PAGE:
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What more could you ask for? It was a simple answer to a simple question. That’s the beauty of life, but all of us who post on the forum knew that such a paradise would soon be trodden by a linguistic- terrorist. “It’s not understanding! You have to use overstanding my brother!”
Understanding versus Overstanding? That is the question. Ironically, the word overstanding has a much older history than many are aware of, as it is closely connected to the word superstition. Popularly, the term overstanding is defined as we see in this Wiktionary article:
“From Middle English overstonden, from Old English oferstandan (“to stand over”), equivalent to over- + stand. Cognate with Dutch overstaan (“to stand over”), Germanüberstehen (“to stand through, survive”).
The slang meaning was coined in Rastafarianism, as an inversion of understand (before 1965).”
As seen in the definition cited above, overstanding has gained popular use in recent times. It is used as an inversion of the term understand. An online resource, known as the Urban Dictionary, in its definition of the term overstanding, states:
“Overstanding emerged as a word from the global hip hop culture, to help portray an ethic of entrepeneurialism , self sufficiency, and sustainability.”
While the word overstanding may appear to be a good logical conclusion to the “understanding” dilemma, there is one origin of the term overstanding that is not commonly discussed.
The word overstanding is connected to the term superstition. Concerning the etymology of the term superstition, Wikipedia states:
“While the formation of the Latin word is clear, from the verb super-stare, “to stand over, stand upon; survive”, its original intended sense is less than clear.
It can be interpreted as “‘standing over a thing in amazement or awe”, but other possibilities have been suggested, e.g. the sense of excess, i.e. over scrupulousness or over-ceremoniousness in the performing of religious rites, or else the survival of old, irrational religious habits.“
Interestingly, we find the exact phrase used in the Wiktionary article regarding the term overstanding and the etymology of the term superstitious as explained by Wikipedia.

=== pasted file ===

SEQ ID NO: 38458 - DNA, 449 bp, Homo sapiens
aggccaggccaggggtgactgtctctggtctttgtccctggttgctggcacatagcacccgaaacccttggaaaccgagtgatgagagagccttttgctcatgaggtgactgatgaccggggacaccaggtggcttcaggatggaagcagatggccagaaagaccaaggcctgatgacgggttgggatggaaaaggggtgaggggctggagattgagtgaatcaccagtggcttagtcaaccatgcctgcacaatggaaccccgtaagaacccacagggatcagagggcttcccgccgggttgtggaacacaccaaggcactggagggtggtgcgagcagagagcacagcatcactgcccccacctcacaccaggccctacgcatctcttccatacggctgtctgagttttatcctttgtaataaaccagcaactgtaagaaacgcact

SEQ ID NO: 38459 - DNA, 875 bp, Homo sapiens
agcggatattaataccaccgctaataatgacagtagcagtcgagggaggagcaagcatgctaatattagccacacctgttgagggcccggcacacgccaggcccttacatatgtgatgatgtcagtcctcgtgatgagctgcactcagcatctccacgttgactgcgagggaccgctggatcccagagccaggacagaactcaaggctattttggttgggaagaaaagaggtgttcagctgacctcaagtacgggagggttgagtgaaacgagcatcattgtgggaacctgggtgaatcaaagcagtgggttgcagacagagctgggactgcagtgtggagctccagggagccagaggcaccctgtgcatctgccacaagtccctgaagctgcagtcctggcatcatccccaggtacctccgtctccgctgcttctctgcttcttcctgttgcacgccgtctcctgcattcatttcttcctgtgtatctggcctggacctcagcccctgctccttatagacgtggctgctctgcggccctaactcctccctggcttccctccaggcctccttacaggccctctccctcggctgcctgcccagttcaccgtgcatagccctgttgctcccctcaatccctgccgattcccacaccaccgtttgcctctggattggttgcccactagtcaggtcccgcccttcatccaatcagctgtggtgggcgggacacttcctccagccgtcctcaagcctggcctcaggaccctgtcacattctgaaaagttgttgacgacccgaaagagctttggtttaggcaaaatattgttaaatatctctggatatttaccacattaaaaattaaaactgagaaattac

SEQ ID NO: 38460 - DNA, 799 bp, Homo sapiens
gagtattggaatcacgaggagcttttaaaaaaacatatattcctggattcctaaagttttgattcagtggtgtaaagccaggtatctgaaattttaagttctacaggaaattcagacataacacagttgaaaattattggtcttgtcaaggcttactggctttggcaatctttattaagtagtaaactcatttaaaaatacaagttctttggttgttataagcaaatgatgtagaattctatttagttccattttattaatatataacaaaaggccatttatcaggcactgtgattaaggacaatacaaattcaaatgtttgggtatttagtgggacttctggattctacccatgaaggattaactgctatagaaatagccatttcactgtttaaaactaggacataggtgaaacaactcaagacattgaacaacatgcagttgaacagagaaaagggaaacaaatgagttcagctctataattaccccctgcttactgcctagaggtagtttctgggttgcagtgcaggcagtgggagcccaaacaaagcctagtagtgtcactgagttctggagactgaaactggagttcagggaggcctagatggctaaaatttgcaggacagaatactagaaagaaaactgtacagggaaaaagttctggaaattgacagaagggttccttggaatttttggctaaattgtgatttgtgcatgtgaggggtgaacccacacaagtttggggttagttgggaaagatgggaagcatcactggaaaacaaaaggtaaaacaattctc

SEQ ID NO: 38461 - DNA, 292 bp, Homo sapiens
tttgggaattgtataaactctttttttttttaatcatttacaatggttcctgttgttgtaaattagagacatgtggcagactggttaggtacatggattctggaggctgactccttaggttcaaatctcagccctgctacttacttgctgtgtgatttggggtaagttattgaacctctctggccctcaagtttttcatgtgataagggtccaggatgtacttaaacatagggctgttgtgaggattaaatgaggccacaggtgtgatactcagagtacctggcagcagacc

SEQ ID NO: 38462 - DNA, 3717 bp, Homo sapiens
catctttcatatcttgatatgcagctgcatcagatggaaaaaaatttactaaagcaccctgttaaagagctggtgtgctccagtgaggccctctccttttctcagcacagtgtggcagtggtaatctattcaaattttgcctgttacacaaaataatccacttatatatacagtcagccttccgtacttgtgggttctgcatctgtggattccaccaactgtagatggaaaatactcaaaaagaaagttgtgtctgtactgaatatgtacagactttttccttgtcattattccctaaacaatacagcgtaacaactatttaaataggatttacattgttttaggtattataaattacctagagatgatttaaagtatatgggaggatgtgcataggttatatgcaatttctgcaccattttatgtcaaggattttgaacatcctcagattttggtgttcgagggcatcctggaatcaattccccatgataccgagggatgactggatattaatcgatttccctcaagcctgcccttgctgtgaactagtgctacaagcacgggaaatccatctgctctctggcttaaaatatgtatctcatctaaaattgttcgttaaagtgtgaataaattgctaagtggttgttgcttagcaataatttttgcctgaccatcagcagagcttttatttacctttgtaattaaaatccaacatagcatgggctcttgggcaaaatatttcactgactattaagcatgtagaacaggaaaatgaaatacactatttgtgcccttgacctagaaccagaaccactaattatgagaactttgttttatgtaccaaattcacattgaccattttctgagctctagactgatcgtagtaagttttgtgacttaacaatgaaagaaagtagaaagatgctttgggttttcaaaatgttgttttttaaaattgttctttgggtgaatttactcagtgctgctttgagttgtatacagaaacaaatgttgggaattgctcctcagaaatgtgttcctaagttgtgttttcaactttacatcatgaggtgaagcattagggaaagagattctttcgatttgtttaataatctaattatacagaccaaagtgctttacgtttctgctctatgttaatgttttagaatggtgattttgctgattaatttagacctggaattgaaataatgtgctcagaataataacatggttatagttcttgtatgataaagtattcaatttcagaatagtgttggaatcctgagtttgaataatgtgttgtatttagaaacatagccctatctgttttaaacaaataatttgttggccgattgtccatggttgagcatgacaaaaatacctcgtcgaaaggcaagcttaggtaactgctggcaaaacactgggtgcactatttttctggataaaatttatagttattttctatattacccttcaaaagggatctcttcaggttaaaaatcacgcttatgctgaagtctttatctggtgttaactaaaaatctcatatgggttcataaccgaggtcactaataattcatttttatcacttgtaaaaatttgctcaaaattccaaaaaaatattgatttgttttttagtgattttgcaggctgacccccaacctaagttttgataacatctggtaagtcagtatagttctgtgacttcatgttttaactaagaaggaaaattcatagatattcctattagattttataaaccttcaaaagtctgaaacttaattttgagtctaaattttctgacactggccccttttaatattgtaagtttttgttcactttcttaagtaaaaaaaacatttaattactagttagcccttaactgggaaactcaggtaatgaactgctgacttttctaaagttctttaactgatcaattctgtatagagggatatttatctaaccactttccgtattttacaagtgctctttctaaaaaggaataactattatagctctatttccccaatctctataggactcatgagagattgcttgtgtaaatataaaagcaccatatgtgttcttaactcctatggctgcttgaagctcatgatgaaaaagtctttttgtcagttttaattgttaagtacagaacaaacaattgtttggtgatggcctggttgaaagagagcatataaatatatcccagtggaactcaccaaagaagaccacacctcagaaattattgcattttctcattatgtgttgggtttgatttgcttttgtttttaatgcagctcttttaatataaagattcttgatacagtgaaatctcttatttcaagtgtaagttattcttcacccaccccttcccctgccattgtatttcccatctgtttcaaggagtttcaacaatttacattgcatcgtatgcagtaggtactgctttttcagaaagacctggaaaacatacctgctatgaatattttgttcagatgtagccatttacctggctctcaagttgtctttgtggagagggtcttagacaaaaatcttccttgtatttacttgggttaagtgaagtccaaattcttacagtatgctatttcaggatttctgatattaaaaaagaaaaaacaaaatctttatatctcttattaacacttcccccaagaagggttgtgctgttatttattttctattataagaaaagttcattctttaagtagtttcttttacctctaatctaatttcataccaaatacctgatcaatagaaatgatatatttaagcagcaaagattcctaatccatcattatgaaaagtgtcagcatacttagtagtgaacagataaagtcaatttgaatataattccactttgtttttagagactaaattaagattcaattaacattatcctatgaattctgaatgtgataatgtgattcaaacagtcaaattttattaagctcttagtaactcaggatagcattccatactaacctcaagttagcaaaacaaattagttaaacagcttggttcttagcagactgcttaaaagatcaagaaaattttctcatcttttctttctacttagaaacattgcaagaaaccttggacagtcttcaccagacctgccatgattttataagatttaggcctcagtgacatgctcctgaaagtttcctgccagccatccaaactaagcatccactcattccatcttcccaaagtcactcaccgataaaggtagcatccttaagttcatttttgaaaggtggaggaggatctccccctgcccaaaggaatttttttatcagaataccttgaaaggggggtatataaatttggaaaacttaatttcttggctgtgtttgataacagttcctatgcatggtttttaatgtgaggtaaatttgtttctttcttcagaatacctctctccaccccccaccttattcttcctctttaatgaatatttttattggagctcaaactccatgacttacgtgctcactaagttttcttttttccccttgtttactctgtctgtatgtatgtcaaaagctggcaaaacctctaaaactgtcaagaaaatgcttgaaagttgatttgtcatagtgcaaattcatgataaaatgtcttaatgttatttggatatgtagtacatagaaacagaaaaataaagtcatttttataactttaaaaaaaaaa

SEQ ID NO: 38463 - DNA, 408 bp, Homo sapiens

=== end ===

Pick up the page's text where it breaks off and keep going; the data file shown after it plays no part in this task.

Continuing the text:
Wiktionary’s definition of the term overstanding: “From Middle English overstonden, from Old English oferstandan (“to stand over”), equivalent to over- + stand. Cognate with Dutch overstaan (“to stand over”), Germanüberstehen (“to stand through, survive”).”
Wikipedia’s etymological origin of the term superstitious: “from the verb super-stare, “to stand over, stand upon; survive.”
Similarly, the Oxford Dictionary provides the same etymological description of the term. However, is also adds that the word superstition derives from “standing over something in awe.”
Standing over in awe, or overstanding, and its connection with the term superstitious, begins with understanding the impression that was left on those who witnessed indigenous rituals and took note of the shaman’s staring into the other world as he/she stood over their altars. It is a very beautiful sight to behold.
Now let us take a look at the etymology of the term understanding. The Online Etymology Dictionary describes the origin of the word understanding as follows:
“Old English understandan “comprehend, grasp the idea of,” probably literally “stand in the midst of,” from under + standan “to stand” (see stand (v.)). If this is the meaning, theunder is not the usual word meaning “beneath,” but from Old English under, from PIE *nter- “between, among” (cognates: Sanskrit antar “among, between,” Latin inter “between, among,” Greek entera “intestines;” see inter-). Related: Understood; understanding.
That is the suggestion in Barnhart, but other sources regard the “among, between, before, in the presence of” sense of Old English prefix and preposition under as other meanings of the same word. “Among” seems to be the sense in many Old English compounds that resemble understand, such as underniman “to receive,” undersecan “examine, investigate, scrutinize” (literally “underseek”), underðencan “consider, change one’s mind,” underginnan “to begin.” It also seems to be the sense still in expressions such as under such circumstances.
Perhaps the ultimate sense is “be close to;” compare Greek epistamai “I know how, I know,” literally “I stand upon.” Similar formations are found in Old Frisian (understonda), Middle Danish (understande), while other Germanic languages use compounds meaning “stand before” (German verstehen, represented in Old English by forstanden“understand,” also “oppose, withstand”). For this concept, most Indo-European languages use figurative extensions of compounds that literally mean “put together,” or “separate,” or “take, grasp” (see comprehend). Old English oferstandan, Middle English overstonden, literally “over-stand” seem to have been used only in literal senses. For “to stand under” in a physical sense, Old English had undergestandan.”
Understanding versus Overstanding? That is the answer!